Follow is on Facebook

Walks near Thornley

Walks around Wolsingham PDF (826kb)

Wolsingham Wayfarers: Family Walk PDF (1.4Mb)

Wolsingham Wayfarers: Black Banks Walk PDF (1.4Mb)

Wolsingham Wayfarers: Memorial walk to Thornley PDF (1.4Mb)

Wolsingham Wayfarers: Stiles Walk to Newlands Hall PDF (1.4Mb)

Wolsingham Wayfarers: Tunstall Valley Walk PDF (1.3Mb)

Weardale Way 5: White Kirkley to Wolsingham PDF (480kb)

Food Taste Trail from Bradley Burn PDF


The County Durham Definitive Public Rights of Way

This website is not a PDF but it will provide maps of the definitive rights of way for all of County Durham's footpaths - just select Wolsingham from the list of towns/villages.

The publication of the public rights or way is a guide for visitors but not a guarantee that the footpath will be open. Please report any issues.


The Wolsingham Wayfarers

Wolsingham Wayfarers

Visit their website.

Follow them on Facebook



Thornley is a quite pictureque hamlet situated between Tow Law and Wolsingham in a conservation area on a no through road but approximately a quarter of a mile off the A68, with good access to Durham, Darlington and Newcastle.

The earliest reference to Thornley is 1070-80 but the earliest buildings in the village date to about 1700. Some were originally single-story buildings with second floors added at a later date. The original school, now a private dwelling was built in 1824 but used as the school masters house after 1845 when a larger school (now the Village Hall) was built to accommodate 70 children.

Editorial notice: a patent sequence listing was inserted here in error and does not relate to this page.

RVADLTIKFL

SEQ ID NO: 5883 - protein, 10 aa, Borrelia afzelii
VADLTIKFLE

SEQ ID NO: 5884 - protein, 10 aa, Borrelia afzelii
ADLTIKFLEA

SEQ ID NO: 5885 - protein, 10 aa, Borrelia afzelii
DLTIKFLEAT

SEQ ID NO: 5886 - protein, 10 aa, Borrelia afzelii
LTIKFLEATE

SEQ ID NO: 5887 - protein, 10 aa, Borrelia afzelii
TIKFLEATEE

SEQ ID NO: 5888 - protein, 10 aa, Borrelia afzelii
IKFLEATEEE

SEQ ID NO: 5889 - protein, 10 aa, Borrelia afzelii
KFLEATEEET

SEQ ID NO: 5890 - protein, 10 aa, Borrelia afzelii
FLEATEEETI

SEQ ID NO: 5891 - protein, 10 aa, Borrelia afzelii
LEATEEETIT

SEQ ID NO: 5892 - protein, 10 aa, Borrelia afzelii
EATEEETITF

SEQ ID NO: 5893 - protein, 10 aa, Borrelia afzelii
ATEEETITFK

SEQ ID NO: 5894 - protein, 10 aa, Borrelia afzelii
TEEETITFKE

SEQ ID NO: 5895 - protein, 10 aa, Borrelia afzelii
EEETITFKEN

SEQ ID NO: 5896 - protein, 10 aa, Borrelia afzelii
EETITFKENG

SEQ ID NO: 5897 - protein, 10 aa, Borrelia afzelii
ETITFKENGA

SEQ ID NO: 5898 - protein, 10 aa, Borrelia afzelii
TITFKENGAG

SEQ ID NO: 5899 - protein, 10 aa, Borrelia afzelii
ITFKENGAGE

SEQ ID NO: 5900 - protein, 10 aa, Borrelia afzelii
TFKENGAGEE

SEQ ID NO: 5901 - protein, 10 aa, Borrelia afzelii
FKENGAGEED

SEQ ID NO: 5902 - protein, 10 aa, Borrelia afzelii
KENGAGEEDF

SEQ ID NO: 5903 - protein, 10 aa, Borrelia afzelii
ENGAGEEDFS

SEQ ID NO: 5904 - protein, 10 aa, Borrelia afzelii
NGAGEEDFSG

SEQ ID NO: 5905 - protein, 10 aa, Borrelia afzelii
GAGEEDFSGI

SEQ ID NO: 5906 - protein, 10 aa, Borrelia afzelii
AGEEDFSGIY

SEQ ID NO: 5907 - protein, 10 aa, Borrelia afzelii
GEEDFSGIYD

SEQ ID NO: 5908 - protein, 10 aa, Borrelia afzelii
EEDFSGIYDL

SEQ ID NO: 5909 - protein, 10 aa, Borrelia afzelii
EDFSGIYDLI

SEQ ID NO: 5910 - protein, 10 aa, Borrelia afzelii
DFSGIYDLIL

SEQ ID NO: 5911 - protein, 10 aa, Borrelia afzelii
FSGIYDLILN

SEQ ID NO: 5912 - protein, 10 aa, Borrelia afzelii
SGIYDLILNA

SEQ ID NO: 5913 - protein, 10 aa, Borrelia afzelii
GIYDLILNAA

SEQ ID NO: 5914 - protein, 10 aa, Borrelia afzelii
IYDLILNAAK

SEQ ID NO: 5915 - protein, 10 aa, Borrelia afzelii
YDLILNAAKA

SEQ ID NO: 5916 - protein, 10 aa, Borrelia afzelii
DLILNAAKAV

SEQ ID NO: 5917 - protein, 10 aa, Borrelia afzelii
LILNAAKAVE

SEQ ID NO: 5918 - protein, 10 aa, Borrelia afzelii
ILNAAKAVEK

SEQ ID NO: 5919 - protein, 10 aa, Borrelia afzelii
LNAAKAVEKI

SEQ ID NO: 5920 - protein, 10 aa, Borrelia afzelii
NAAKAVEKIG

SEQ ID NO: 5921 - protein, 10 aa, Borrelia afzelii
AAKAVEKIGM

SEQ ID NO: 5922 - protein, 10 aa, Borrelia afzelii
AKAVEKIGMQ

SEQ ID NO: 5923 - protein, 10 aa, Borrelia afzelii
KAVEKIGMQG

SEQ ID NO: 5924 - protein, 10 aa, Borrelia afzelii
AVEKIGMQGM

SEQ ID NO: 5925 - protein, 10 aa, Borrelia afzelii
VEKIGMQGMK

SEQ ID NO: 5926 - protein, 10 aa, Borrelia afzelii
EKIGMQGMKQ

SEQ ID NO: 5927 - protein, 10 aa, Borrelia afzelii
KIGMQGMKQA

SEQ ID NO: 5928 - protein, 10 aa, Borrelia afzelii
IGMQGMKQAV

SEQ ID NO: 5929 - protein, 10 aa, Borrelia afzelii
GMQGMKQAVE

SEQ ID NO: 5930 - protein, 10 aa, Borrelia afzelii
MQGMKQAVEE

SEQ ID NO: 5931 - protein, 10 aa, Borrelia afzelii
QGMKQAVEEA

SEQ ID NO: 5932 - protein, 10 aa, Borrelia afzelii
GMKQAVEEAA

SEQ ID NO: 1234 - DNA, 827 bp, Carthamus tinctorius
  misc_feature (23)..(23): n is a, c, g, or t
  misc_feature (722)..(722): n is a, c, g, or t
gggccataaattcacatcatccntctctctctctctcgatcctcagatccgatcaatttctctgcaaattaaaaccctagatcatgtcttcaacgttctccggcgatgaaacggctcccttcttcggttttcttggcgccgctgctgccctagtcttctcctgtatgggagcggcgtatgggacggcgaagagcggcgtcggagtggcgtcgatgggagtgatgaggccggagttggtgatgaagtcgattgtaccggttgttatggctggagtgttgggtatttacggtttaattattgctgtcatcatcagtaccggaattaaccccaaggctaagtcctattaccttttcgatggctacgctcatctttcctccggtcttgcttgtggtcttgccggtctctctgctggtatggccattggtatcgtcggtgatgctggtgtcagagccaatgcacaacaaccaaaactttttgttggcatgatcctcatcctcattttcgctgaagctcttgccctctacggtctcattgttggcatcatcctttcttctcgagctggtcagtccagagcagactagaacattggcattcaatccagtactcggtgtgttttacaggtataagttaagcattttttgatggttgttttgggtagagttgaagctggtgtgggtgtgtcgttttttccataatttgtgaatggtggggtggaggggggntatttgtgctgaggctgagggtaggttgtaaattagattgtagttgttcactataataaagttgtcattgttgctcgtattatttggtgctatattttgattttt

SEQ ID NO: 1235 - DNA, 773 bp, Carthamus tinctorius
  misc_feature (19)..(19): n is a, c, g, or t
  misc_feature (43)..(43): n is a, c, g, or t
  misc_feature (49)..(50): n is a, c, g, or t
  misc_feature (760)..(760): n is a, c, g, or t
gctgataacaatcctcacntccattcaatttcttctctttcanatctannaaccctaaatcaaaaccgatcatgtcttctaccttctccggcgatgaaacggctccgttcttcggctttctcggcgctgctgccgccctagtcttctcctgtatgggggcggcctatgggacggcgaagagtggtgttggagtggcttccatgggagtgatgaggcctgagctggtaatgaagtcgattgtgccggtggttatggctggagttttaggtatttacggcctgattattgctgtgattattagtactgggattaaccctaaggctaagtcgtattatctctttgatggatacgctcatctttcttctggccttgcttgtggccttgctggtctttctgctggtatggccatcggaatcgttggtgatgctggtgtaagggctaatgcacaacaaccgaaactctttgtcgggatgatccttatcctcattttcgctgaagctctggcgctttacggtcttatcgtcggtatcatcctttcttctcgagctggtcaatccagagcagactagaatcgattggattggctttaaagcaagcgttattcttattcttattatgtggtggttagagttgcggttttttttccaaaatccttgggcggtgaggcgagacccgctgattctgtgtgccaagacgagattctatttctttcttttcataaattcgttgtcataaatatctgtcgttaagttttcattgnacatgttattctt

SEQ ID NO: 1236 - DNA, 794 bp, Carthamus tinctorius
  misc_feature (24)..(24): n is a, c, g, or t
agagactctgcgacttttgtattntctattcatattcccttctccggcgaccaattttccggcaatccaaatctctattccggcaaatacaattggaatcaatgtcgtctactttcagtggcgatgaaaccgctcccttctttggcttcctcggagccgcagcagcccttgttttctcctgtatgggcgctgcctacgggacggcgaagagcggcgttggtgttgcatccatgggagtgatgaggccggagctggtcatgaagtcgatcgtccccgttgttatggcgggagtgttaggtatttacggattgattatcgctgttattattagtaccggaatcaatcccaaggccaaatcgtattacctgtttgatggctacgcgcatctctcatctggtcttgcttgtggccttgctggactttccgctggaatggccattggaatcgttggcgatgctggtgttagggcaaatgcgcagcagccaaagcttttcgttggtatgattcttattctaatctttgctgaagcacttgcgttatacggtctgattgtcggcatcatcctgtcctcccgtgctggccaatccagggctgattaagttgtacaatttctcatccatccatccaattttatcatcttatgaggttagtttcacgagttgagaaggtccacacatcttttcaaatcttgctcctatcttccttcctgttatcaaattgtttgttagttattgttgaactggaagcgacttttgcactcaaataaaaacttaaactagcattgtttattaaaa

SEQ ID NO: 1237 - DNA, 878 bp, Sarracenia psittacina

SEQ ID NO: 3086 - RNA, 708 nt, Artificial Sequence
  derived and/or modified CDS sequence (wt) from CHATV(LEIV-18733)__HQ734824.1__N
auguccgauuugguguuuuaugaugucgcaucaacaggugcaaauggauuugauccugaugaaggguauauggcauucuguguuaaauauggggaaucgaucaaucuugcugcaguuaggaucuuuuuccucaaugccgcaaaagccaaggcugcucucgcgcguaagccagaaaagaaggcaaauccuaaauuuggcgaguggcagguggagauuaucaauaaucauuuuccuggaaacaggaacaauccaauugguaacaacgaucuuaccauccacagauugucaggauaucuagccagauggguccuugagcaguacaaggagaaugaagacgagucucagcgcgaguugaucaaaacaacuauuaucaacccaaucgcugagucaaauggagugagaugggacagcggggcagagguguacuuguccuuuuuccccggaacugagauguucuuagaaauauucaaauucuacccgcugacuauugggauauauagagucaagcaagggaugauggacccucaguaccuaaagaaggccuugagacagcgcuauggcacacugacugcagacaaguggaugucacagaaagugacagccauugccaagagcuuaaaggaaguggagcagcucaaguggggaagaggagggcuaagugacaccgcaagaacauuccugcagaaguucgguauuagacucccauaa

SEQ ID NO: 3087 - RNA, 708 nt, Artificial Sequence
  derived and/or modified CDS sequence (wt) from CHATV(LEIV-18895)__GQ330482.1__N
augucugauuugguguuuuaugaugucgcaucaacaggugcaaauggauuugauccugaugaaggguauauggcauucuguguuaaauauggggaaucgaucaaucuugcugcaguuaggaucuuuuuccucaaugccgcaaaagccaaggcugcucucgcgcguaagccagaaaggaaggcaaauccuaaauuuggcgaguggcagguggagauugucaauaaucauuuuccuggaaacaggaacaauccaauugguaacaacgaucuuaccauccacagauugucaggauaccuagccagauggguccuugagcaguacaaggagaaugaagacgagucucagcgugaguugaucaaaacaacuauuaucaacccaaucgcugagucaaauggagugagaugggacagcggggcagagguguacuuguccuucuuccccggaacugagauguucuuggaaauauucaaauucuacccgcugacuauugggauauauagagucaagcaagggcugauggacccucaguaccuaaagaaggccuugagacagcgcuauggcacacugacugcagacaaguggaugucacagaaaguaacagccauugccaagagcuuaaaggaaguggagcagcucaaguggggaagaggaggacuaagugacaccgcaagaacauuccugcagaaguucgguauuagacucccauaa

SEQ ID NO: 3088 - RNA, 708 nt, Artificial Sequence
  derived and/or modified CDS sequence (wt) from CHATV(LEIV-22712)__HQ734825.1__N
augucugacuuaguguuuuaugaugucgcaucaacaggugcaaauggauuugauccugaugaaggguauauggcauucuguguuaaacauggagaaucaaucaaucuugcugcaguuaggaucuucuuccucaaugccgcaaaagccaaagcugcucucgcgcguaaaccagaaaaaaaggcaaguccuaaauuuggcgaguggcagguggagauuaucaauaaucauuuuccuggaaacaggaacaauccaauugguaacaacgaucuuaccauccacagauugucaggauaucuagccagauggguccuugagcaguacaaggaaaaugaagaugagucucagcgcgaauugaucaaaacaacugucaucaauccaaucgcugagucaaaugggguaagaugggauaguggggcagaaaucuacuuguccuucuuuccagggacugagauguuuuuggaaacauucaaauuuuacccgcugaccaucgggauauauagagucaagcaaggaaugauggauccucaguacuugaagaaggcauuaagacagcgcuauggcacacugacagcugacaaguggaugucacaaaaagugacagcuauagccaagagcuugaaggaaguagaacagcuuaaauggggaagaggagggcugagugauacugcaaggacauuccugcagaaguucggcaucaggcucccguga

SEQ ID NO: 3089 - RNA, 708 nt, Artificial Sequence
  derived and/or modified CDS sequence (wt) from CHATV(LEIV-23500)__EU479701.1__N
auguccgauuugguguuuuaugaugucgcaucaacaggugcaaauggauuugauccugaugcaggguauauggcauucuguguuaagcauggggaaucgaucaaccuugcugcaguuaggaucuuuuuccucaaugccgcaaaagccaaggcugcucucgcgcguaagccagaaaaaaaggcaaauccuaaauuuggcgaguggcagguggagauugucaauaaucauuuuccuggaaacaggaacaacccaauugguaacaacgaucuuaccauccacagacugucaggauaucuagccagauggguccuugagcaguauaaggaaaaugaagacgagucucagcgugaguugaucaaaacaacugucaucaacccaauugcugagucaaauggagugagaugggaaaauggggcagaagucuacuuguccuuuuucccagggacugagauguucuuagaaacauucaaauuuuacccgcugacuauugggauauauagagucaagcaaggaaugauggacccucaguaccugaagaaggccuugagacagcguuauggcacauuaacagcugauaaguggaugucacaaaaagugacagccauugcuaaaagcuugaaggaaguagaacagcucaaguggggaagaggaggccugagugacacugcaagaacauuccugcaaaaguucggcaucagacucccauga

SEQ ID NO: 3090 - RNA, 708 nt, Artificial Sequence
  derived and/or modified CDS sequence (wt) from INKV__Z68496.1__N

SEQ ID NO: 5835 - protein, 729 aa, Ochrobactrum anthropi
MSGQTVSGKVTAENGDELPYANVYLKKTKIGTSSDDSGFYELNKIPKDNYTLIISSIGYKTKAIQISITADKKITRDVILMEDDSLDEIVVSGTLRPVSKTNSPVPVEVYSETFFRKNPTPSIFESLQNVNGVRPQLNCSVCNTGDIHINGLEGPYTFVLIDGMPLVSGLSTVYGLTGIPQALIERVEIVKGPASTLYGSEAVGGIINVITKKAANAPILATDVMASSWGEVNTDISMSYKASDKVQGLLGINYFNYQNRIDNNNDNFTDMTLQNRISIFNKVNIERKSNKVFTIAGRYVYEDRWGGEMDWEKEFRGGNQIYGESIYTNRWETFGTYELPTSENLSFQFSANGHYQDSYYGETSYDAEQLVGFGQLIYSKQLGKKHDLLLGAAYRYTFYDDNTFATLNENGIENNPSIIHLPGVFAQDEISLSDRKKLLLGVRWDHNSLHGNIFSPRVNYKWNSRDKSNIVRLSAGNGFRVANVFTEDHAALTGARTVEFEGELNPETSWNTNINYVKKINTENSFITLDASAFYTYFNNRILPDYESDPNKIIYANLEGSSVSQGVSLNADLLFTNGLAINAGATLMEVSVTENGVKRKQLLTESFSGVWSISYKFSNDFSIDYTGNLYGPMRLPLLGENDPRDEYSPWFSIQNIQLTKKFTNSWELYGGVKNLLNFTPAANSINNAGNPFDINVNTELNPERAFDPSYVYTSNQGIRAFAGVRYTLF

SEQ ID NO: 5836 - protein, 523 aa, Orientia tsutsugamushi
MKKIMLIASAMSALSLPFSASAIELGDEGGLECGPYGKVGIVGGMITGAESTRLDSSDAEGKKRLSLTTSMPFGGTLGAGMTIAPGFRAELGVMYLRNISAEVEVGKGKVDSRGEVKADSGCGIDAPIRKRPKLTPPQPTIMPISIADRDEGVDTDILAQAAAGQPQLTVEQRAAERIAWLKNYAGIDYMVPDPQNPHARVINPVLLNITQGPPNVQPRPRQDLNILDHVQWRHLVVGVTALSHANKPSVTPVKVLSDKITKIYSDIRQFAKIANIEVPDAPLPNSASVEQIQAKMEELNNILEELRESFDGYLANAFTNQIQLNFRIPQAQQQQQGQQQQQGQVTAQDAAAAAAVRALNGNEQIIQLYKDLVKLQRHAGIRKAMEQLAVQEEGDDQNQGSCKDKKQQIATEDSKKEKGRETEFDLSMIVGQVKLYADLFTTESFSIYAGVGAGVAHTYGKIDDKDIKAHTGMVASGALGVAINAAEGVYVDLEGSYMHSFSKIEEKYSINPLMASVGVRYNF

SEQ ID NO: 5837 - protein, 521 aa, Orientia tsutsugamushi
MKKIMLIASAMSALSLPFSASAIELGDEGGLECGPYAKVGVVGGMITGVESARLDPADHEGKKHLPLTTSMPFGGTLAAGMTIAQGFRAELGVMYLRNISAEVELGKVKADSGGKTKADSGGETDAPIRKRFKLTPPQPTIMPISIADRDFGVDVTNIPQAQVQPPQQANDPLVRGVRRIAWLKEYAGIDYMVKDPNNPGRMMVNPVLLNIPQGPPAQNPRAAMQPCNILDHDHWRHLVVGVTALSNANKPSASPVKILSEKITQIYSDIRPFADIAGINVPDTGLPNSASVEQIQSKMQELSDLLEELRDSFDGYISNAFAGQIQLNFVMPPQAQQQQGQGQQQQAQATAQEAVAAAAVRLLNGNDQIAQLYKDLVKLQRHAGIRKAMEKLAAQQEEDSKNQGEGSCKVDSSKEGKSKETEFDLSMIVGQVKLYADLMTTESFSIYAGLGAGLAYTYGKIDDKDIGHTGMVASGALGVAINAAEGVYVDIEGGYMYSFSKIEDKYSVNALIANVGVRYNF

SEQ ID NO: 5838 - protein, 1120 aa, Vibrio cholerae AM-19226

An early coal mine was recorded in 1569 but the main growth of coalmining was in the later 18th and 19th centuries when it became a thriving village with a church, a school, a shoemaker, a builder, a blacksmith, a butcher, a joiner, a shopkeeper, and a publican,

St Bartholemew's church, originally a chapel for the nearby church at Wolsingham was built in 1838 and enlarged in 1842  to give a Gothic appearance. The altar rail, given by the congregation in 1865, is made of the local Frosterley marble, as is the font, which was found broken in a Wolsingham garden and repaired before being installed. In 1891, the tower, octagonal steeple and outer door were added.

Places to Stay

Bradley Burn Farm Cottages
Bradley Burn Touring Caravan Park
Corner Cottage, Wolsingham

The Victoria Inn, Witton-le-Wear

Places to Eat

Buon Appetito, Wolsingham
The Black Bull, Wolsingham
No 10 cafe, Wolsingham
The Bay Horse, Wolsingham
Lau's Chinese Takeaway, Wolsingham
Craven Fish and Chips, Wolsingham
The Newmarket Inn, Tow Law
Dan's Castle Chinese Takeaway, Tow Law

Places to Visit

The Weardale Railway

The Durham Dales Centre

Durham Dales Craft Centre, Stanhope

The Weardale Museum, Ireshopeburn

Killhope Lead Mining Museum

High Force in Teesdale

The Bowlees Visitor Centre

Low Barns Nature Reserve

Auckland Castle

Spanish Gallery

Mining Art Gallery

Auckland Tower


Harehope Quarry

Tanfield Railway


Nenthead Mine (pre-book Open Days)

Hamsterley Forest

Hall Hill Farm

The Open Air Swimming Pool, Stanhope